Counteracting Obstacles With Optimistic Predictions Myles Leighton Counteractive Optimism (CO model): self-control strategy involving “psyching” one’s self to goal attainment by predicting success of veering away from anticipated obstacles. By anticipating obstacles, self-control operations enhance motivation attain goal. Looks like “self-fulfilling prophesy” that’s focused on obstacles, just less magical. Both step out of the bounds of self-regulation. 5 Studies in support of the CO model, but emphasizing accuracy of predictions actually reverses the effect. Hints of optimism bias, but here it helps with obstacles. This research is good for defining tools that people can actively use, if they recall it. It doesn’t seem realistic that people will stop to choose a self-control tool while evaluating the value and feasibility of attaining a given goal. Setting up a series of small and more easily attainable goals that will eventually complete a large goal seems to be a more likely action, but it depends on how you are yourself in terms of subjective effectiveness (Bandura, 1997). There are certain costs associated with asking for accurate predictions.
Ackerman, J. A., Goldstein, N. J., Shapiro, J. R., & Bargh, J. A. (2011). The vicarious depletionof self-control. Psychological Science, 20, 326-332. Abstract Acts of self-control may deplete an individual's self-regulatory resources. But what are the consequences of perceiving other people's use of self-control? Mentally simulating the actions of others has been found to elicit psychological effects consistent with the actual performance of those actions. Here, we consider how simulating versus merely perceiving the use of willpower can affect self-control abilities. In Study 1, participants who simulated the perspective of a person exercising self-control exhibited less restraint over spending on consumer products than did other participants. In Study 2, participants who took the perspective of a person using self-control exerted less willpower on an unrelated lexical generation task than did participants who took the perspective of a person who did not use self-control. Conversely, participants who merely read about another person's self-control exerted more willpower than did those who read about actions not requiring self-control. These findings suggest that the actions of other people may either deplete or boost one's own self-control, depending on whether one mentally simulates those actions or merely perceives them.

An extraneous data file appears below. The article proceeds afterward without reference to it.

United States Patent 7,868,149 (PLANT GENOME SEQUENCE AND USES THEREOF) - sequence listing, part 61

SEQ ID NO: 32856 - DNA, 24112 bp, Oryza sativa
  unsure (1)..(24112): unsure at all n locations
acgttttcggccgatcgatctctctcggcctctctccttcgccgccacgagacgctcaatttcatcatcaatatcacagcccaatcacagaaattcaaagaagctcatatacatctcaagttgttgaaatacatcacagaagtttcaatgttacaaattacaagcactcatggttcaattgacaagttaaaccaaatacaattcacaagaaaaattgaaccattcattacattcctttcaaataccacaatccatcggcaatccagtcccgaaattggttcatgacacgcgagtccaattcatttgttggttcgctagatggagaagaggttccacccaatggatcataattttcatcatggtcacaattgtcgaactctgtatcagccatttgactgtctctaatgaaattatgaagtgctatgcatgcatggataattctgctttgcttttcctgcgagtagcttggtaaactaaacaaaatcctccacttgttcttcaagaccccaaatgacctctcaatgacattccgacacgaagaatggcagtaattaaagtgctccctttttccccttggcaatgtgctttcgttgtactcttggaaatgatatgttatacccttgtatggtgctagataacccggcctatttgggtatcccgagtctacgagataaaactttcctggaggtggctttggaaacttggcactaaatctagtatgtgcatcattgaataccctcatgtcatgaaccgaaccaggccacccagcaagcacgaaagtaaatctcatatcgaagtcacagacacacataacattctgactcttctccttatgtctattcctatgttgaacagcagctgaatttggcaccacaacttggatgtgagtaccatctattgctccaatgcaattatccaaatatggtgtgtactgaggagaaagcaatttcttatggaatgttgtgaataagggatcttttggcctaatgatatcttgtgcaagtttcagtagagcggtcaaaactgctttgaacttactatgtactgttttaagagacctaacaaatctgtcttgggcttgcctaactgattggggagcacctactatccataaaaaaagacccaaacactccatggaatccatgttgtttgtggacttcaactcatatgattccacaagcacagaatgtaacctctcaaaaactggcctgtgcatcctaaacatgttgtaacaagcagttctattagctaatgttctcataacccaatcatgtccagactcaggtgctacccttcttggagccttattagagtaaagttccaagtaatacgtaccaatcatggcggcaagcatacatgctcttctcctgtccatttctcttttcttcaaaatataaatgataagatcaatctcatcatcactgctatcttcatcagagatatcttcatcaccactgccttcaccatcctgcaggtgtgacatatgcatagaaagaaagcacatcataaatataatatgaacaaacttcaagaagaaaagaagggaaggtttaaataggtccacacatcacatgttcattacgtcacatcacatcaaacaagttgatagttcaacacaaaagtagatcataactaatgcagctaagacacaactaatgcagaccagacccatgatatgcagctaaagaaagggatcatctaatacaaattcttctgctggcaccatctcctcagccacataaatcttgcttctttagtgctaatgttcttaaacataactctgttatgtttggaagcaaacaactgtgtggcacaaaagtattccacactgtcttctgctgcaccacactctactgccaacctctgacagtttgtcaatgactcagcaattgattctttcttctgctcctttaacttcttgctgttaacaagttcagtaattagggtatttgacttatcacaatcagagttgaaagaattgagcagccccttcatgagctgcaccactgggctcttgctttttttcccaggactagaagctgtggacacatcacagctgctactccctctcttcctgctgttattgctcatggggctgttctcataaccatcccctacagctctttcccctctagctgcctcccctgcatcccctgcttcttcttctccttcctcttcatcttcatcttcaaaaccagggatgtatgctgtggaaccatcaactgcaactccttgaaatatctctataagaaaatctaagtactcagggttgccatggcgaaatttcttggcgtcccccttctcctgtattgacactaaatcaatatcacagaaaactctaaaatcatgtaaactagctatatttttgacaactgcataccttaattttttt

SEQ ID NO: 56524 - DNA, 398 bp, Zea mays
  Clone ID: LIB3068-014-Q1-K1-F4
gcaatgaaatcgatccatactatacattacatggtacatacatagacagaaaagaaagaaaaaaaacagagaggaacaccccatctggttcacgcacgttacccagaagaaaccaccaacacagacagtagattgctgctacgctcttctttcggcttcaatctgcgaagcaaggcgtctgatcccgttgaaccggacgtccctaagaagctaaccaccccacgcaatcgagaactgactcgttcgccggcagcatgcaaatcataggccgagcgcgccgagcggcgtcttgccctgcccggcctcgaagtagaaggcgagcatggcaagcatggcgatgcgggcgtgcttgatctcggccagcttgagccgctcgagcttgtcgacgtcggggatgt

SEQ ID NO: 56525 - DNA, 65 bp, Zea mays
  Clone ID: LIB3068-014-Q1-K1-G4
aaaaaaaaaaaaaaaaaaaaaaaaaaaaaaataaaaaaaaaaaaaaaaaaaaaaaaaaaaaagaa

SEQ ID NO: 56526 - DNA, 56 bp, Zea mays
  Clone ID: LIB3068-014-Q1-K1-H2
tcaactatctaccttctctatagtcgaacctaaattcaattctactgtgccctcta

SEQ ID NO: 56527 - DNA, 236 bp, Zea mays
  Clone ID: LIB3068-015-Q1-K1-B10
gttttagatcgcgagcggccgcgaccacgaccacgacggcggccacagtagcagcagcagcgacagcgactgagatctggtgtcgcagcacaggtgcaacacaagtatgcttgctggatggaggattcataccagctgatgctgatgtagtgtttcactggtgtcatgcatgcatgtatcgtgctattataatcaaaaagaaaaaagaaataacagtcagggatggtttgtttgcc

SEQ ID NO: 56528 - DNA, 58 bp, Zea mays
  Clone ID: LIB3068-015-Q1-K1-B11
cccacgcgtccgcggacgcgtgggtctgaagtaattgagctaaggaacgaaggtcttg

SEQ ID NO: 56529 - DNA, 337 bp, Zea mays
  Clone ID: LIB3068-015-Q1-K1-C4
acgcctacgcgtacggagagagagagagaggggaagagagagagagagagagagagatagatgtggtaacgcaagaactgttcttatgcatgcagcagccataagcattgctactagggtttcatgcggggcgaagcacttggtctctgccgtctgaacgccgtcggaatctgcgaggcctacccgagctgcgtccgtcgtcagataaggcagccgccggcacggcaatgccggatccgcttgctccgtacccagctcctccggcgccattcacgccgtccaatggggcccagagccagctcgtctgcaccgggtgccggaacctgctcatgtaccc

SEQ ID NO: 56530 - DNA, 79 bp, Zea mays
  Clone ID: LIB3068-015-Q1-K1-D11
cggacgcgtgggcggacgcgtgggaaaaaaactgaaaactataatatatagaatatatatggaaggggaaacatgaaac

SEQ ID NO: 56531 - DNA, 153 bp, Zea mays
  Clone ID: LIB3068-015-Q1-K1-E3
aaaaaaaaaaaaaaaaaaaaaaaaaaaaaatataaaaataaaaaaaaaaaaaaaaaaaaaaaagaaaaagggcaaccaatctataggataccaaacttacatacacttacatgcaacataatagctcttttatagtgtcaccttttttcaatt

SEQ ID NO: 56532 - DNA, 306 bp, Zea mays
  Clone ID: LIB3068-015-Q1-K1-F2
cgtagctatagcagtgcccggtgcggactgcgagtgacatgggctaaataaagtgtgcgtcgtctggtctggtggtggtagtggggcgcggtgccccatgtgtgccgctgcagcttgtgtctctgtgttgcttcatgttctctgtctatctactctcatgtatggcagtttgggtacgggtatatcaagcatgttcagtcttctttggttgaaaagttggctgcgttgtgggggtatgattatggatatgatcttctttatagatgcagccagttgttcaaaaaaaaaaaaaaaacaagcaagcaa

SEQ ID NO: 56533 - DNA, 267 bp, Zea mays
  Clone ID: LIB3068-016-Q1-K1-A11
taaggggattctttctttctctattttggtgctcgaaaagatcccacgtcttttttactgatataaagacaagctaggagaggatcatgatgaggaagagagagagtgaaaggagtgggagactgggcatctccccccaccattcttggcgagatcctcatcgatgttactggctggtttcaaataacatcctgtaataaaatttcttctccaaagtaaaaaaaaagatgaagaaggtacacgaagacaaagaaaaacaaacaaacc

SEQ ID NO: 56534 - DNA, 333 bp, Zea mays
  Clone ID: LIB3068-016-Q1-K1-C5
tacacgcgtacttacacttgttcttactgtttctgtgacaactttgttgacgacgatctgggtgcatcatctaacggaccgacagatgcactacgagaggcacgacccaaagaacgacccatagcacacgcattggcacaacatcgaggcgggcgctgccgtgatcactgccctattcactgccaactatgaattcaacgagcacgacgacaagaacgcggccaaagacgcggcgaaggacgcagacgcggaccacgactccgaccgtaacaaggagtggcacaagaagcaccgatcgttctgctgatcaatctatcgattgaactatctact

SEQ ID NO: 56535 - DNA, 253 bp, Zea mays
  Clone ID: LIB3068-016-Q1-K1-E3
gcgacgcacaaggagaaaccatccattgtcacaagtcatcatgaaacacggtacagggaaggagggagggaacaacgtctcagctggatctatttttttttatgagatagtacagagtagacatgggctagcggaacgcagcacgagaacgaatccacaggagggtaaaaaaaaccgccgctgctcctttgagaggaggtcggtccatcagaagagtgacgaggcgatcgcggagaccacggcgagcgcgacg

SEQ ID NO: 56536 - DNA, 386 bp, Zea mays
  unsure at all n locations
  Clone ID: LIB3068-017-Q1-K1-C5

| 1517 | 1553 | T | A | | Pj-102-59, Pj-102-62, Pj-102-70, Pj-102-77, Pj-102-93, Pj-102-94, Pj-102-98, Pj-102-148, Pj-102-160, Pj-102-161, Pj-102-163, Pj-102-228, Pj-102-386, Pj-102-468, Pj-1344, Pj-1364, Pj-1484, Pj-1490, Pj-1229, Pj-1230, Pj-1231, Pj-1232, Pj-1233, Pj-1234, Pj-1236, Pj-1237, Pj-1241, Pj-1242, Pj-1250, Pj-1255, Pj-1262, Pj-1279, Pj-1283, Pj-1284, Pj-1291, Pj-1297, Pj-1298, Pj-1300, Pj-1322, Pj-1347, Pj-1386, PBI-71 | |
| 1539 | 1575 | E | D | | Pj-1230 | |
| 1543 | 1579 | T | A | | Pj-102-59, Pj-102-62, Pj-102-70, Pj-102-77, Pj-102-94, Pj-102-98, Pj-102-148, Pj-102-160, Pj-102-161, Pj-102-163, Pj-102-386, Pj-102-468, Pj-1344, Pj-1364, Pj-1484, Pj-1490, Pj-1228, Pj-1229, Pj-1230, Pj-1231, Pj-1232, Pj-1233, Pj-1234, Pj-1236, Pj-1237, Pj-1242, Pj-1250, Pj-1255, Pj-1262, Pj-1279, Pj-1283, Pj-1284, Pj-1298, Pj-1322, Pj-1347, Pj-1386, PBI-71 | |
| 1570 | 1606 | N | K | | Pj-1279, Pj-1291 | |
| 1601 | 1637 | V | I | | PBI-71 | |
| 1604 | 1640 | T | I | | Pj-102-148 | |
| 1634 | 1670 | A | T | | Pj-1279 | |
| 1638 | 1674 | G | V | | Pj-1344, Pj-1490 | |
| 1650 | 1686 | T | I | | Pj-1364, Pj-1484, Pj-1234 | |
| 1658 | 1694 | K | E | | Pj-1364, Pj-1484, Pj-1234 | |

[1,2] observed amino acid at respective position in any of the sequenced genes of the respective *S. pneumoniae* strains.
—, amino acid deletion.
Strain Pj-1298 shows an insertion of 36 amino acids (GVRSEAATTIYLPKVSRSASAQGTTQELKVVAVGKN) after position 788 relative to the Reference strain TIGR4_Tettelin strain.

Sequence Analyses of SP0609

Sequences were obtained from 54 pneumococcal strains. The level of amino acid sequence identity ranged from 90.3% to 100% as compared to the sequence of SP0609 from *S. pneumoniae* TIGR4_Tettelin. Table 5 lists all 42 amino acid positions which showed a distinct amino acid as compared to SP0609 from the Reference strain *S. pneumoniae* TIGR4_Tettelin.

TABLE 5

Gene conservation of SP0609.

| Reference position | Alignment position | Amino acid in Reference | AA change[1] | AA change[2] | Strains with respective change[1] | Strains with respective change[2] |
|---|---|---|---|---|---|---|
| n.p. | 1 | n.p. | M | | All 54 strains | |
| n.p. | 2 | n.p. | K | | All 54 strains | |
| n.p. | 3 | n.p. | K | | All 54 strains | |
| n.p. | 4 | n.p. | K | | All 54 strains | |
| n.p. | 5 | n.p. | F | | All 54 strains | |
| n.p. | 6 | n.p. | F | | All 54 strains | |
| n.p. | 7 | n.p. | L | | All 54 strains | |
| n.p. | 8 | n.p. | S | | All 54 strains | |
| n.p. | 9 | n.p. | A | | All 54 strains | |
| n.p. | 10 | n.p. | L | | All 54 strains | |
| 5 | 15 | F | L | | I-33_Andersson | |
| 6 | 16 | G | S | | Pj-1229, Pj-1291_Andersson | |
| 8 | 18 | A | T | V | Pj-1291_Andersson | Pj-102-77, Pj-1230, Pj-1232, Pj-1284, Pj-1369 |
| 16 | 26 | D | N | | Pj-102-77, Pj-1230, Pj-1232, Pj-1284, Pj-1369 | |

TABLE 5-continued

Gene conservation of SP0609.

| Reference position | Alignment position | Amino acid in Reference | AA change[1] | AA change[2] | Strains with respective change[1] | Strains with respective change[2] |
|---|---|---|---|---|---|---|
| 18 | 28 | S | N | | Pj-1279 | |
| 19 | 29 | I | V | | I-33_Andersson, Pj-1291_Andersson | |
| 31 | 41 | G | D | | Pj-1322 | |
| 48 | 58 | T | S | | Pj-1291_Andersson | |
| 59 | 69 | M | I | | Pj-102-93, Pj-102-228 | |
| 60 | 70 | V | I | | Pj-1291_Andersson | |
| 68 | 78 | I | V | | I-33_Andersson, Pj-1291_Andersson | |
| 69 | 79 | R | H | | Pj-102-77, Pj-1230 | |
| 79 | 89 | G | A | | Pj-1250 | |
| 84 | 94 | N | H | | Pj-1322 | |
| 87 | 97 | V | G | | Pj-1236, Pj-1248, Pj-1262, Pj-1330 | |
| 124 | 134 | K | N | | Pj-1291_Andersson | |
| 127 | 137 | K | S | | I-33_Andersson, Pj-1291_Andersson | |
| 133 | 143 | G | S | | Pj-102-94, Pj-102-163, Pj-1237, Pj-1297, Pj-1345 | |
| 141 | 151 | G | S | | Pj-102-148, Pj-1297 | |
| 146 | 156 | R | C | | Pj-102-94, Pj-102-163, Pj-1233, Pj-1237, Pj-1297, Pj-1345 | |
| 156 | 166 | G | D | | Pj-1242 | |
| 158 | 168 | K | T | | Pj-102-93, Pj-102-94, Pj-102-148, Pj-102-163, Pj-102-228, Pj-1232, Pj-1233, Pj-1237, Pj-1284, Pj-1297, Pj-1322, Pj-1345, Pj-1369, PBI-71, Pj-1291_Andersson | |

Hypothesis: Taking the perspective of someone exerting self-control will deplete one’s own self-regulatory abilities Ackerman, J. A., Goldstein, N. J., Shapiro, J. R., & Bargh, J. A. (2011). The vicarious depletionof self-control. Psychological Science, 20, 326-332. Study 1: Perspective-taking less restraint in spending estimates Study 2: Perspective-taking decreased performance on a lexical generation task and lower reported self control